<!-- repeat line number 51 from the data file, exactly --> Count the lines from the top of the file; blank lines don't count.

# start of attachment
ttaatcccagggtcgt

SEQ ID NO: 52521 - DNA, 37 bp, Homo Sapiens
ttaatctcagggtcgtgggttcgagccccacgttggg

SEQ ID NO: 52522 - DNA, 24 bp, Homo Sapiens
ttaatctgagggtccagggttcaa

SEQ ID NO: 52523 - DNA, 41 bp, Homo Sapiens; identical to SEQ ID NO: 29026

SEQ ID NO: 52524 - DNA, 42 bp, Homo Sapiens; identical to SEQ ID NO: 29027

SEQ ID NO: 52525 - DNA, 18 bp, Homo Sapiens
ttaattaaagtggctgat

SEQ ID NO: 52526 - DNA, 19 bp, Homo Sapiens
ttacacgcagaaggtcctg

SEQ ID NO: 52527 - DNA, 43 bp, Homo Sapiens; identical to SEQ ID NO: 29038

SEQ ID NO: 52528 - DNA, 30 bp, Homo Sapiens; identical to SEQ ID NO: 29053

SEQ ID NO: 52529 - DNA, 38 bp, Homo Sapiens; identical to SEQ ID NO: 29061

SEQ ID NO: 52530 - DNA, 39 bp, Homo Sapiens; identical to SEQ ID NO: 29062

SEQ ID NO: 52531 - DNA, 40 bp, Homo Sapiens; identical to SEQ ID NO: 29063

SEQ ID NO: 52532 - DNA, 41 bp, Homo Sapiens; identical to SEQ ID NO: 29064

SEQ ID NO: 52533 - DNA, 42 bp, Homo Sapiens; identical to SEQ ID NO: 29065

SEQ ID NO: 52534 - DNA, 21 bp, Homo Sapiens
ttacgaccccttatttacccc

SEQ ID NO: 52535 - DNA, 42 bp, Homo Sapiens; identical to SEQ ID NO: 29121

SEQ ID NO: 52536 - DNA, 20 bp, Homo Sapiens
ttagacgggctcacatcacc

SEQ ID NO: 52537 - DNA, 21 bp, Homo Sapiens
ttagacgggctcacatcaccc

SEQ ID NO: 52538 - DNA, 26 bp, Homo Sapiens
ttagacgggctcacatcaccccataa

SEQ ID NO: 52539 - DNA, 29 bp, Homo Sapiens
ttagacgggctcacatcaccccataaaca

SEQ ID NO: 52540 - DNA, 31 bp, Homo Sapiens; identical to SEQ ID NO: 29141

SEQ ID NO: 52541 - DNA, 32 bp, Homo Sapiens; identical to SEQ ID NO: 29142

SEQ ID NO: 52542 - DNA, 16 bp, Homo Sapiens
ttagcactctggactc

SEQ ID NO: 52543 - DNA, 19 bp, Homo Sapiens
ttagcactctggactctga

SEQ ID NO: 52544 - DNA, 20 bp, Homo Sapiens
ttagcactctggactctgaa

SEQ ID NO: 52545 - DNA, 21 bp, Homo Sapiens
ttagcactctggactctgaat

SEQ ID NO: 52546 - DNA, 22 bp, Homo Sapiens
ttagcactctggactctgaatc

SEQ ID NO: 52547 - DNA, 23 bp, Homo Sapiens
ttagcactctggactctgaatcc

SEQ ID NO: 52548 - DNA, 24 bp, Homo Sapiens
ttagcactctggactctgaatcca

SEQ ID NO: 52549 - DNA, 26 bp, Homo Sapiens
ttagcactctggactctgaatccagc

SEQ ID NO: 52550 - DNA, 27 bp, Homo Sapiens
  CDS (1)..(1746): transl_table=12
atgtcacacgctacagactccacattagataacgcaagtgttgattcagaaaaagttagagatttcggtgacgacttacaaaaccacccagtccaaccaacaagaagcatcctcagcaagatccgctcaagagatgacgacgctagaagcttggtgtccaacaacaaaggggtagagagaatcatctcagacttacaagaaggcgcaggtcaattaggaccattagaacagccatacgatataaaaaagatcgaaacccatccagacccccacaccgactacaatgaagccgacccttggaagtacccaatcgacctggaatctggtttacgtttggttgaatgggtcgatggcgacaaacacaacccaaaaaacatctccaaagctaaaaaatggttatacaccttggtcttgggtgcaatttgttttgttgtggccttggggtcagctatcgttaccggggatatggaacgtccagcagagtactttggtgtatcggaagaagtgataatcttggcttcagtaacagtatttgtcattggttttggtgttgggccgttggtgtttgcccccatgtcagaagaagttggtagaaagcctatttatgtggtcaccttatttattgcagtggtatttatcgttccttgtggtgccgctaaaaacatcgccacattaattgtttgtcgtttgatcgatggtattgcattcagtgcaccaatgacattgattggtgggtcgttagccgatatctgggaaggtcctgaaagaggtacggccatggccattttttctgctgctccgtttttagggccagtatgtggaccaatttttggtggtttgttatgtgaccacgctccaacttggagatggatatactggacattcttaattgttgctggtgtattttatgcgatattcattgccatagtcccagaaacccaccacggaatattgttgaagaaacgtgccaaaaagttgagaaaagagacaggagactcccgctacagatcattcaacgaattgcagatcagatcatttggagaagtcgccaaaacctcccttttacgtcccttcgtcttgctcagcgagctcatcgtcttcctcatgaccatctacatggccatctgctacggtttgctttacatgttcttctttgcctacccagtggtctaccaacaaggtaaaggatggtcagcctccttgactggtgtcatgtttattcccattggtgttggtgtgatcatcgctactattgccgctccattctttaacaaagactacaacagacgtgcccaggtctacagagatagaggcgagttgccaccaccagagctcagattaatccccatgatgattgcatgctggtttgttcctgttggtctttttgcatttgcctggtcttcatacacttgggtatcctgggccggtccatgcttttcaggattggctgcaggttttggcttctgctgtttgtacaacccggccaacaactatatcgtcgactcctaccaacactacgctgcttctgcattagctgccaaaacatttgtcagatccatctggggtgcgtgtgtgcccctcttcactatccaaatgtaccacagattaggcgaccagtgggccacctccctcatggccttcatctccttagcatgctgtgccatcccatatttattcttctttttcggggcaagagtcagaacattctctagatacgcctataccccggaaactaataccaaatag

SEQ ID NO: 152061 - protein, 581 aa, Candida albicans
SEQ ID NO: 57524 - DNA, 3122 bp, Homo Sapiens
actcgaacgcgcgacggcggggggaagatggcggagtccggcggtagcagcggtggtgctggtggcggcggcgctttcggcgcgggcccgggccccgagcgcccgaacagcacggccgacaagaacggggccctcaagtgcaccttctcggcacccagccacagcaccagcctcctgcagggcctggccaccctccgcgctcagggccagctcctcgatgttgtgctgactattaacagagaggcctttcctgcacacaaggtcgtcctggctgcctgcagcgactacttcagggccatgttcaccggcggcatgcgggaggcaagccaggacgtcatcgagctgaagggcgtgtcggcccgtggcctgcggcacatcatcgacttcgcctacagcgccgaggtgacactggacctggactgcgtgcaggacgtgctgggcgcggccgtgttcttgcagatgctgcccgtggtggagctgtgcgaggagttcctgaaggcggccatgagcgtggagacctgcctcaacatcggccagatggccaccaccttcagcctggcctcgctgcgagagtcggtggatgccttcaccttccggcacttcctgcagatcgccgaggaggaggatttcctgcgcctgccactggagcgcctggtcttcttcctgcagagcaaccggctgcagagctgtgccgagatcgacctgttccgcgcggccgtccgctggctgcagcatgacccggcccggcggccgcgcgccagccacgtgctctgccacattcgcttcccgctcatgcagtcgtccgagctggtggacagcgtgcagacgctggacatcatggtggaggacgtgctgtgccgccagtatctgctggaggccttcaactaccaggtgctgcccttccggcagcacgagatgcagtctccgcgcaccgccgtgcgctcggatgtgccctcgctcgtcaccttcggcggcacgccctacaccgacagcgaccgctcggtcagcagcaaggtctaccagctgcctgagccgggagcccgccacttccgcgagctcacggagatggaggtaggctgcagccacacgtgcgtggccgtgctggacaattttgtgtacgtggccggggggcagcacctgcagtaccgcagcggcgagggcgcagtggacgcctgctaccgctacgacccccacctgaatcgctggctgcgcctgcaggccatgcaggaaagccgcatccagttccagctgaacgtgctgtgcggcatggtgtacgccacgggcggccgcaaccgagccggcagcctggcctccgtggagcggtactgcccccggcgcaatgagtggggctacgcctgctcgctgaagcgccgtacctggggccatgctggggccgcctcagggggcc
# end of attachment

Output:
SEQ ID NO: 152061 - protein, 581 aa, Candida albicans